Heroism takes a quite beating in Shakespeare’s Troilus and Cressida, the playwright’s shrewdly satirical take on the Trojan War and its many characters. ‘Great’ men litter the action – Achilles, Ajax, Agamemnon, Ulysses – but all have very human, and often laughable, flaws.
In Gregory Doran’s production for the Royal Shakespeare Company, everyone is clad in post-apocalyptic biker gear, a macho guise of denim, leather and metal that makes it clear these guys are more interested in looking like they know how to fight than actually doing so.
It’s seven years into the war and both sides are lacking enthusiasm for the cause. Helen remains with Paris, but rumblings of uncertainty over whether she’s really worth fighting for are starting to be heard in Troy. Over in the Greek camp, Achilles has withdrawn from the battlefield and is spending most of his time alone with his lover, Patroclus.
Only Ulysses, played with suitable fervour by Adjoa Andoh, appears to care anymore and devises a plan to make Achilles jealous of Ajax, by cooking up a reason for Ajax, in place of Achilles, to fight Hector.
The titular doomed love story, meanwhile, gets very limited stage time (Shakespeare’s choice, not Doran’s). We’re over an hour in before Troilus and Cressida, spurred on by the over-involved uncle Pandarus (a highly amusing Oliver Ford Davies), swiftly declare their love for each other before parting just as quickly.
It’s a shame Shakespeare dedicated so little of the plot to the central pairing as in this particular production the roles are cast and performed very well. Gavin Fowler’s Troilus is sweetly teenage in his affections, whilst Amber James (definitely the staging’s highlight) is clever, stoic and witty – and, one imagines, pretty good at seeing through the warmongering and strutting occurring all around her.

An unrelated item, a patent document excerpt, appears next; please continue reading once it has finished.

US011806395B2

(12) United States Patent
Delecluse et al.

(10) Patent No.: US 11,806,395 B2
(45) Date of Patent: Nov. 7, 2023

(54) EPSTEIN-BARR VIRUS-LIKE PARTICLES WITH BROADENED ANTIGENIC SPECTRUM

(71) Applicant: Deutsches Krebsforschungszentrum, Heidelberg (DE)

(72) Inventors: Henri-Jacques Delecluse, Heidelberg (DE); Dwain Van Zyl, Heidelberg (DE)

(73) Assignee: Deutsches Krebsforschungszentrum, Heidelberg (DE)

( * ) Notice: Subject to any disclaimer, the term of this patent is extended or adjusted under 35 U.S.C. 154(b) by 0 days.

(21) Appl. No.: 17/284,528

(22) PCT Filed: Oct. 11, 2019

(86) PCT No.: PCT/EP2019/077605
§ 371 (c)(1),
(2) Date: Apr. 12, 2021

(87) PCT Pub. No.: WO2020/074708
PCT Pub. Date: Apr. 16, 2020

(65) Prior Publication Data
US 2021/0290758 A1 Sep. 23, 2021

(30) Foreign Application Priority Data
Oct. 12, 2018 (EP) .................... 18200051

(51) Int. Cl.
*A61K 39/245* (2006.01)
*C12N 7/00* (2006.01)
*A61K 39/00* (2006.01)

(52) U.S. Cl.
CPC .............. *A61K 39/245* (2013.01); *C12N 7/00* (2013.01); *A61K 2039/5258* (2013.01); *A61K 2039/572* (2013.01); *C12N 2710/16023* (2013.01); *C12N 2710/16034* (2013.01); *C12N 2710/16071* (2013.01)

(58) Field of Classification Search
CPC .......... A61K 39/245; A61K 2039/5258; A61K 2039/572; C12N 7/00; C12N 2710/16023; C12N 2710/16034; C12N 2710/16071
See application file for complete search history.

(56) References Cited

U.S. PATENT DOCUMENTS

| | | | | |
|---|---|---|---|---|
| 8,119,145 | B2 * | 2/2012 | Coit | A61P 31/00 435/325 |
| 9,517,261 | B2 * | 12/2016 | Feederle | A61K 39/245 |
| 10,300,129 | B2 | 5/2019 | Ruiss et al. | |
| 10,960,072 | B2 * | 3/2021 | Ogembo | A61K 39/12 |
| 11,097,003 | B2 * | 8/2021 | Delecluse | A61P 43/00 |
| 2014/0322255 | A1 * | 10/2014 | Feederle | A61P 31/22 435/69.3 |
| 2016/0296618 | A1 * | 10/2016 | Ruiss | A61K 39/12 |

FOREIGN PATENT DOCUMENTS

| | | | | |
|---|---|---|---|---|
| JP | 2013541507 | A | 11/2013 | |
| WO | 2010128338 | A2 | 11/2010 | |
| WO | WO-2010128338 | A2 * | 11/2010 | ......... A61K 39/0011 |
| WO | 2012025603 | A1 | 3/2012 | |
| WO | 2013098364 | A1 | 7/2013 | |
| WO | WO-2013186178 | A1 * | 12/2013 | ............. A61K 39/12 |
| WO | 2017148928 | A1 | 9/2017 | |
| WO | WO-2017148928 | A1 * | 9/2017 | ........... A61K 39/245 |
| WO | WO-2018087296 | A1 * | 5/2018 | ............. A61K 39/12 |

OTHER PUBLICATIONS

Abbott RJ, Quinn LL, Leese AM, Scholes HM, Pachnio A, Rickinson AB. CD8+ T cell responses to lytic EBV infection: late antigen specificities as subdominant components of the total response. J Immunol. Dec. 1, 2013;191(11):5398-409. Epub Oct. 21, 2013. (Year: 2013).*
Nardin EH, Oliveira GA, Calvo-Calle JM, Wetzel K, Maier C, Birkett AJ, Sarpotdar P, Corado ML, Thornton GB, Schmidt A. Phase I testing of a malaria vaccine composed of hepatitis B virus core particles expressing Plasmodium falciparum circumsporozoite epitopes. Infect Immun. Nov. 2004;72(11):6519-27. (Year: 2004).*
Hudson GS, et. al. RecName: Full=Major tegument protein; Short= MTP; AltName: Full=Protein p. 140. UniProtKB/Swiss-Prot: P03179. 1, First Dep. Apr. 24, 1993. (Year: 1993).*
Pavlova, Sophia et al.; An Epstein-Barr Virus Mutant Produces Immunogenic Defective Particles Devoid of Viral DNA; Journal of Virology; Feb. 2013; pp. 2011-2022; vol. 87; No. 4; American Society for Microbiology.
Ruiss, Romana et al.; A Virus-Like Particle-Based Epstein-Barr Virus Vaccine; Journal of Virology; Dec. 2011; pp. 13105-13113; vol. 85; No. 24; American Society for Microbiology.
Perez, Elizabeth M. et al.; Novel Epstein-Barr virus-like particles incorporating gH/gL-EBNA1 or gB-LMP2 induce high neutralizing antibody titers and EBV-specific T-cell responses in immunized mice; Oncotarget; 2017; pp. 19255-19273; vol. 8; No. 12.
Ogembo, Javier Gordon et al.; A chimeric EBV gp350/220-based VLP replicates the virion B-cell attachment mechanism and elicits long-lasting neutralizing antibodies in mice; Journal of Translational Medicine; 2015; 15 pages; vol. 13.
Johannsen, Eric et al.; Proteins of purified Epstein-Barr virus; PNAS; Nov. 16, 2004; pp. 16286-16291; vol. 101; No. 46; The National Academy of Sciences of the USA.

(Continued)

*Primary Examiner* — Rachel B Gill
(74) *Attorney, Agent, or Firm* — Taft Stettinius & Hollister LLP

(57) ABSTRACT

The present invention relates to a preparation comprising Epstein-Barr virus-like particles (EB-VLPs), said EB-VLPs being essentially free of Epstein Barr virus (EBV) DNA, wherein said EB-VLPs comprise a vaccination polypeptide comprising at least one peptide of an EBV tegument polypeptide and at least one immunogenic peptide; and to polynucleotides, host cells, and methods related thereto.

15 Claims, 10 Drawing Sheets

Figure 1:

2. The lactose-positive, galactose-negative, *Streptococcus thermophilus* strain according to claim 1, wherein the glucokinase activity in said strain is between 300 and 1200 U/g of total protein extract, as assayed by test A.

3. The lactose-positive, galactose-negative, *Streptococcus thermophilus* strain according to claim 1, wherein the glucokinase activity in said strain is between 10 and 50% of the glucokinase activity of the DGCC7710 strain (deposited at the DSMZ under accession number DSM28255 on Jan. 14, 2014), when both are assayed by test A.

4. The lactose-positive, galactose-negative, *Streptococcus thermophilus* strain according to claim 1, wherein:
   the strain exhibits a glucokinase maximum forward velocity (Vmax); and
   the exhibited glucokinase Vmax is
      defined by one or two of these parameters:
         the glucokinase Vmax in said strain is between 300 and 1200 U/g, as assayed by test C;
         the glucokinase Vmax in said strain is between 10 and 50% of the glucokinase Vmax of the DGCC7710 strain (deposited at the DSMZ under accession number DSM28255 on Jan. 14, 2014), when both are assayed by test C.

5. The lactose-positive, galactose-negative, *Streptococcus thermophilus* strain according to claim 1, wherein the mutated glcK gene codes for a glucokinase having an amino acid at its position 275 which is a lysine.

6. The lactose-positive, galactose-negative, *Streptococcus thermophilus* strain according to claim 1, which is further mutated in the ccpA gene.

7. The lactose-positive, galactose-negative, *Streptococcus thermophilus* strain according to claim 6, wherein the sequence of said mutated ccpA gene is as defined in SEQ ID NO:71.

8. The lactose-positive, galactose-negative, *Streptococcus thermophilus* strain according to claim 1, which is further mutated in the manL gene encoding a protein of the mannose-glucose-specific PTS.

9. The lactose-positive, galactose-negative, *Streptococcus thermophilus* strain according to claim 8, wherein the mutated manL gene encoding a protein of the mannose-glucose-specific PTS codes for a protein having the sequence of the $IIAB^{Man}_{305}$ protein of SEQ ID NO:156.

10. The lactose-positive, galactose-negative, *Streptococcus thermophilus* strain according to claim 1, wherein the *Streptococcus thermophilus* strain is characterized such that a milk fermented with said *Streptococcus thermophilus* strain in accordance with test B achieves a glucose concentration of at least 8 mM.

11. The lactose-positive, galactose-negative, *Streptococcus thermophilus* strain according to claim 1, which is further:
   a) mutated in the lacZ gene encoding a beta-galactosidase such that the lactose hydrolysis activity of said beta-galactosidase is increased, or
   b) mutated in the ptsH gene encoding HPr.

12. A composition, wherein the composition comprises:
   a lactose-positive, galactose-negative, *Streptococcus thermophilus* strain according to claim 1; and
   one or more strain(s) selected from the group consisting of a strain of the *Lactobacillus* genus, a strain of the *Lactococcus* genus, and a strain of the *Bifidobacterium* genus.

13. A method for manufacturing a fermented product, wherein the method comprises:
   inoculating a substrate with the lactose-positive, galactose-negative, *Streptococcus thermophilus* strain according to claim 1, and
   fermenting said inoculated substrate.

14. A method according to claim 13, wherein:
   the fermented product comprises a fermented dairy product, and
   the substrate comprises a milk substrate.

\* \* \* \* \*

Doran’s big idea for this tricky play has been to partner the action with an otherworldly and domineering soundscape by composer Evelyn Glennie. Junkyard clangings, rumblings and roars emanate either from the team of musicians performing live onstage or from a massive overhead mobile of spare-part machinery that jangles as it spins.
The problem is that despite some short very loud segments early on, the music is then used strangely sporadically. It’s difficult to decipher any obvious pattern or reason for its intermittent inclusion, and it’s not until after the end applause that the musicians really get to let loose with the brilliant array of onstage instruments.
The result is a production that, like the epic heroes trapped in a quagmire, never quite lives up to its promise. But maybe Doran, like TS Eliot, just wants to show that all this manly fighting will inevitably end “not with a bang but a whimper.”